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Space Exploration: An Interdisciplinary Approach to Understanding Norms and Ethics in Space

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Abstract: Space exploration is a multifaceted topic, traversing diverse disciplines from physics and engineering to biology, philosophy and law. Space is acknowledged as a physical environment, a tool and a concept. As a fundamental idea, outer space also reflects the inner reaches and potential of human imagination, innovation, and possibility. It reveals itself on the individual level as well as in myth, culture, policy and law. Space exploration therefore requires multidisciplinary perspectives and contributions. While space technologies (e.g. rockets, launches and satellites) are often publicized in the media as celebrated activities, equally important to space exploration are the sciences: astronomy, planetary science, astrobiology and astrochemistry, among others. Likewise, space policy serves to provide a grand vision while space law solidifies those values to enact a framework for regulating actors and activities in space. Ethics, further serves as a lynchpin, a foundation for understanding why we care to explore the cosmos and prudence in foreseeing the implications of our actions. Taken together, these disciplines explore various aspects of the same pertinent questions: why should we care about space? as well as, how do we get there and…what then?

This talk addresses some of the practical applications and implications of exploration, discovery and progress in outer space. Applying an interdisciplinary approach to space exploration, whether through the lens of a telescope or sending robotic and human envoys to extraterrestrial environments, we can connect the underlying dots between space science, technology, law and ethics, rendering a more holistic understanding of humanity and space exploration.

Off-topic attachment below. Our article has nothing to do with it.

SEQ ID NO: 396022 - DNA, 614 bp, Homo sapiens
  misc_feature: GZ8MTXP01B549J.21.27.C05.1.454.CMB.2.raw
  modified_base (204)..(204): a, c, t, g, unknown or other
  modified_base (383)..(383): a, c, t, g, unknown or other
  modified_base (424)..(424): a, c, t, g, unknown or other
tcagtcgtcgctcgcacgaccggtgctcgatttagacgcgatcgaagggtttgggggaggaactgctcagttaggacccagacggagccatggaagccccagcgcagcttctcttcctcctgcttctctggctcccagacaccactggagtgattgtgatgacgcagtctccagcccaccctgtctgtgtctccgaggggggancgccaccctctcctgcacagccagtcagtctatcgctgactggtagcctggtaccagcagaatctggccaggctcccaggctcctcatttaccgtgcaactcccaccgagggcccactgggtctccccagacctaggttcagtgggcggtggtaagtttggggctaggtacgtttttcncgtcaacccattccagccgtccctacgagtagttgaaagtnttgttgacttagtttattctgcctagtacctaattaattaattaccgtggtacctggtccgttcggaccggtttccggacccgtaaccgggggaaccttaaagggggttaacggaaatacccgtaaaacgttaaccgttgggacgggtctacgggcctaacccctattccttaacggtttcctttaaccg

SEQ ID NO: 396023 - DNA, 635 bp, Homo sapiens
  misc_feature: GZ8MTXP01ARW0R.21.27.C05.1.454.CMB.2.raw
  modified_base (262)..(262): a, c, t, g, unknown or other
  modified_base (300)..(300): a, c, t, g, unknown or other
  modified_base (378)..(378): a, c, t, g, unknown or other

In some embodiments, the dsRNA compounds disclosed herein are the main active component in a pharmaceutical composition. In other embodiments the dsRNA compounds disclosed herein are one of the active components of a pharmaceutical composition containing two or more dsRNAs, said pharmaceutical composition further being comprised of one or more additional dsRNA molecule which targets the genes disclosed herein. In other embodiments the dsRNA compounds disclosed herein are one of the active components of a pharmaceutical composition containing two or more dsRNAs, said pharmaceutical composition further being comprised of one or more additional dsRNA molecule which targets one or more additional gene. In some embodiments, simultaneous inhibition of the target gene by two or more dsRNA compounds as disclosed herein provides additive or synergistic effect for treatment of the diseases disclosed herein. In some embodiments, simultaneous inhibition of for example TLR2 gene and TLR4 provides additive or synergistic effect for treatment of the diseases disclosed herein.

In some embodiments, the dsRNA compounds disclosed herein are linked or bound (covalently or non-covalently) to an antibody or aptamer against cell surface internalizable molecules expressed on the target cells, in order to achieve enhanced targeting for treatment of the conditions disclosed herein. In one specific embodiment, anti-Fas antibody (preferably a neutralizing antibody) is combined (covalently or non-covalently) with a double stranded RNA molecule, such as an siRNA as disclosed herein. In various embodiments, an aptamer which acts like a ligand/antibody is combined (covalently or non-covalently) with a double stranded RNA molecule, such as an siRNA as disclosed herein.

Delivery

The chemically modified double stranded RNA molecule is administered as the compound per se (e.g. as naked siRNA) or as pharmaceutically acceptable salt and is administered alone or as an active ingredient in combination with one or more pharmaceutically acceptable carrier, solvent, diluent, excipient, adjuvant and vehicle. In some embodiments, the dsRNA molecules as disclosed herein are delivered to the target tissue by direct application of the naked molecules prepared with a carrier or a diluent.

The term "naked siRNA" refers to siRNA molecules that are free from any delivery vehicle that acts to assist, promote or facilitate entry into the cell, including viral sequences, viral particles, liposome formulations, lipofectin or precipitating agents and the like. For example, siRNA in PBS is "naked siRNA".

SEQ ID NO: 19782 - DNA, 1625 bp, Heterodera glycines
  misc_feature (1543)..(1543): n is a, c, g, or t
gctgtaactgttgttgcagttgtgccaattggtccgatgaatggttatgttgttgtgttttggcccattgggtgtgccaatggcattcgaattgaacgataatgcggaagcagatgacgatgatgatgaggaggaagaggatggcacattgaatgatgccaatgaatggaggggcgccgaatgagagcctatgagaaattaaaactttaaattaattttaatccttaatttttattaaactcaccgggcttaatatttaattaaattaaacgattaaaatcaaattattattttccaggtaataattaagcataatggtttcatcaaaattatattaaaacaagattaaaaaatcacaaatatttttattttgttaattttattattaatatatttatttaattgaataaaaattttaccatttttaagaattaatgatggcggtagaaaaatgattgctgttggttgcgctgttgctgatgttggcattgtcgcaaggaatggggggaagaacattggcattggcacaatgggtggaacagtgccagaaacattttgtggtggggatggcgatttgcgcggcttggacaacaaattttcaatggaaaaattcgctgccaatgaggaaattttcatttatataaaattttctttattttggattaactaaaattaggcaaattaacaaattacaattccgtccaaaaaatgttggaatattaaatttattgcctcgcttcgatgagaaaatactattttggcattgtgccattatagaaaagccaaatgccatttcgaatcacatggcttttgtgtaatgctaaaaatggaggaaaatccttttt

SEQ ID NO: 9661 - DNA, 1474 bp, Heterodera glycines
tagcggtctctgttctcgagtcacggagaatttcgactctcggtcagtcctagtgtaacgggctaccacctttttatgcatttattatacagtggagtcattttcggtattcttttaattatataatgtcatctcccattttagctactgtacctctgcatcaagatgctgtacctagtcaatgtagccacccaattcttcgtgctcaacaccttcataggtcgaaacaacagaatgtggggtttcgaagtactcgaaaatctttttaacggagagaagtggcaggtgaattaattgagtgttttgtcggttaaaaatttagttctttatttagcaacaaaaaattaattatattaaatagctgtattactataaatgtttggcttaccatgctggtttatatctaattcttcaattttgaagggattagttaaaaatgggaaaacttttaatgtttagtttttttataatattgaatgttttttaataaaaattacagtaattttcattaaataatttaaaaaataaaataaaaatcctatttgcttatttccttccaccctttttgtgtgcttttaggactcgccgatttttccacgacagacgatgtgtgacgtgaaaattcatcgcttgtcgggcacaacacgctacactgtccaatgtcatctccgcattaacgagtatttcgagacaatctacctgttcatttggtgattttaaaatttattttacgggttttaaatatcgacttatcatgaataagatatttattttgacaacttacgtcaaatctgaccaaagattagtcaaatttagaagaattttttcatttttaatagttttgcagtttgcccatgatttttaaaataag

Bio: Sara M. Langston, Esq., JD, LL.M., PhD, is an aerospace lawyer, ethicist, educator and Army veteran with a technical military aviation background. As a legal consultant she provides strategic advice to government agencies and private industry in the US and Europe on new and forward-looking science/technologies, applications for space exploration and commercial human spaceflight. Dr. Langston holds a Ph.D. in the History and Philosophy of Science; J.D. with specialization in Public International Law; LL.M. (Adv.) in Air and Space Law; B.S. in Politics and History; and a Space Studies Certificate in Physical Sciences from the International Space University. She is a member of the International Institute of Space Law, Royal Aeronautical Society, and is an active member of the New York and District of Columbia Bars.

This talk is part of the Institute of Astronomy Extra Talks series.

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